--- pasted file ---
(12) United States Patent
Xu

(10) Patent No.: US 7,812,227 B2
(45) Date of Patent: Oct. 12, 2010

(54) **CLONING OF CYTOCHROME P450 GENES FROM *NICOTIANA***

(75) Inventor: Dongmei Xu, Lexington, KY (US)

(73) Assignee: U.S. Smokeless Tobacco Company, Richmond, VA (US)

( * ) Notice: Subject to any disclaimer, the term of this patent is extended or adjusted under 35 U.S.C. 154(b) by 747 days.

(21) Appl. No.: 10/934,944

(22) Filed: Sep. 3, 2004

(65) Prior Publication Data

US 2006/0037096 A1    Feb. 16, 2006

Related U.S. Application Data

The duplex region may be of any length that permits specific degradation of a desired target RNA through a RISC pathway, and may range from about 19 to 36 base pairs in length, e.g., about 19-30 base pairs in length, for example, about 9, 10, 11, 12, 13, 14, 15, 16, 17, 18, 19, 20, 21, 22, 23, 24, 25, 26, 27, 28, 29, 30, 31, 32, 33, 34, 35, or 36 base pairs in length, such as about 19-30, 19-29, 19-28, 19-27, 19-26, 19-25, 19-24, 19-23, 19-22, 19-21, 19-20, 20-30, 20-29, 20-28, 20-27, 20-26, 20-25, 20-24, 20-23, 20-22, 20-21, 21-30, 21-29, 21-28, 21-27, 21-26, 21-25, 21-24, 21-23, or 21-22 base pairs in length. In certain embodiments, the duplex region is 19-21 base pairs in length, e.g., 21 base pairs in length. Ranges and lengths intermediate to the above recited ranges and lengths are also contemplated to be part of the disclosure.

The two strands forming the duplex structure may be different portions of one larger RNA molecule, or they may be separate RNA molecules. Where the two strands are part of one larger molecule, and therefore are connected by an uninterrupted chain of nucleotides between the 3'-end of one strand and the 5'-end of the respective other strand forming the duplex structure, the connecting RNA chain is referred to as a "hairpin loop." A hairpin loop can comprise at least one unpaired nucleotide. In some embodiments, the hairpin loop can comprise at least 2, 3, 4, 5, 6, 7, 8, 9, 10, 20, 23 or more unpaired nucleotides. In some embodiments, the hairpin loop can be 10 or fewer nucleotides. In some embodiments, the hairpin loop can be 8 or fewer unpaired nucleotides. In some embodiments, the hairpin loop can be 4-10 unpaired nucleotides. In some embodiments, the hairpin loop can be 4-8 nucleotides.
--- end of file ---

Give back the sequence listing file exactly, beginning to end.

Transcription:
(12) United States Patent
Xu

(10) Patent No.: US 7,812,227 B2
(45) Date of Patent: Oct. 12, 2010

(54) **CLONING OF CYTOCHROME P450 GENES FROM *NICOTIANA***

(75) Inventor: Dongmei Xu, Lexington, KY (US)

(73) Assignee: U.S. Smokeless Tobacco Company, Richmond, VA (US)

( * ) Notice: Subject to any disclaimer, the term of this patent is extended or adjusted under 35 U.S.C. 154(b) by 747 days.

(21) Appl. No.: 10/934,944

(22) Filed: Sep. 3, 2004

(65) Prior Publication Data

US 2006/0037096 A1    Feb. 16, 2006

Related U.S. Application Data

The duplex region may be of any length that permits specific degradation of a desired target RNA through a RISC pathway, and may range from about 19 to 36 base pairs in length, e.g., about 19-30 base pairs in length, for example, about 9, 10, 11, 12, 13, 14, 15, 16, 17, 18, 19, 20, 21, 22, 23, 24, 25, 26, 27, 28, 29, 30, 31, 32, 33, 34, 35, or 36 base pairs in length, such as about 19-30, 19-29, 19-28, 19-27, 19-26, 19-25, 19-24, 19-23, 19-22, 19-21, 19-20, 20-30, 20-29, 20-28, 20-27, 20-26, 20-25, 20-24, 20-23, 20-22, 20-21, 21-30, 21-29, 21-28, 21-27, 21-26, 21-25, 21-24, 21-23, or 21-22 base pairs in length. In certain embodiments, the duplex region is 19-21 base pairs in length, e.g., 21 base pairs in length. Ranges and lengths intermediate to the above recited ranges and lengths are also contemplated to be part of the disclosure.

The two strands forming the duplex structure may be different portions of one larger RNA molecule, or they may be separate RNA molecules. Where the two strands are part of one larger molecule, and therefore are connected by an uninterrupted chain of nucleotides between the 3'-end of one strand and the 5'-end of the respective other strand forming the duplex structure, the connecting RNA chain is referred to as a "hairpin loop." A hairpin loop can comprise at least one unpaired nucleotide. In some embodiments, the hairpin loop can comprise at least 2, 3, 4, 5, 6, 7, 8, 9, 10, 20, 23 or more unpaired nucleotides. In some embodiments, the hairpin loop can be 10 or fewer nucleotides. In some embodiments, the hairpin loop can be 8 or fewer unpaired nucleotides. In some embodiments, the hairpin loop can be 4-10 unpaired nucleotides. In some embodiments, the hairpin loop can be 4-8 nucleotides.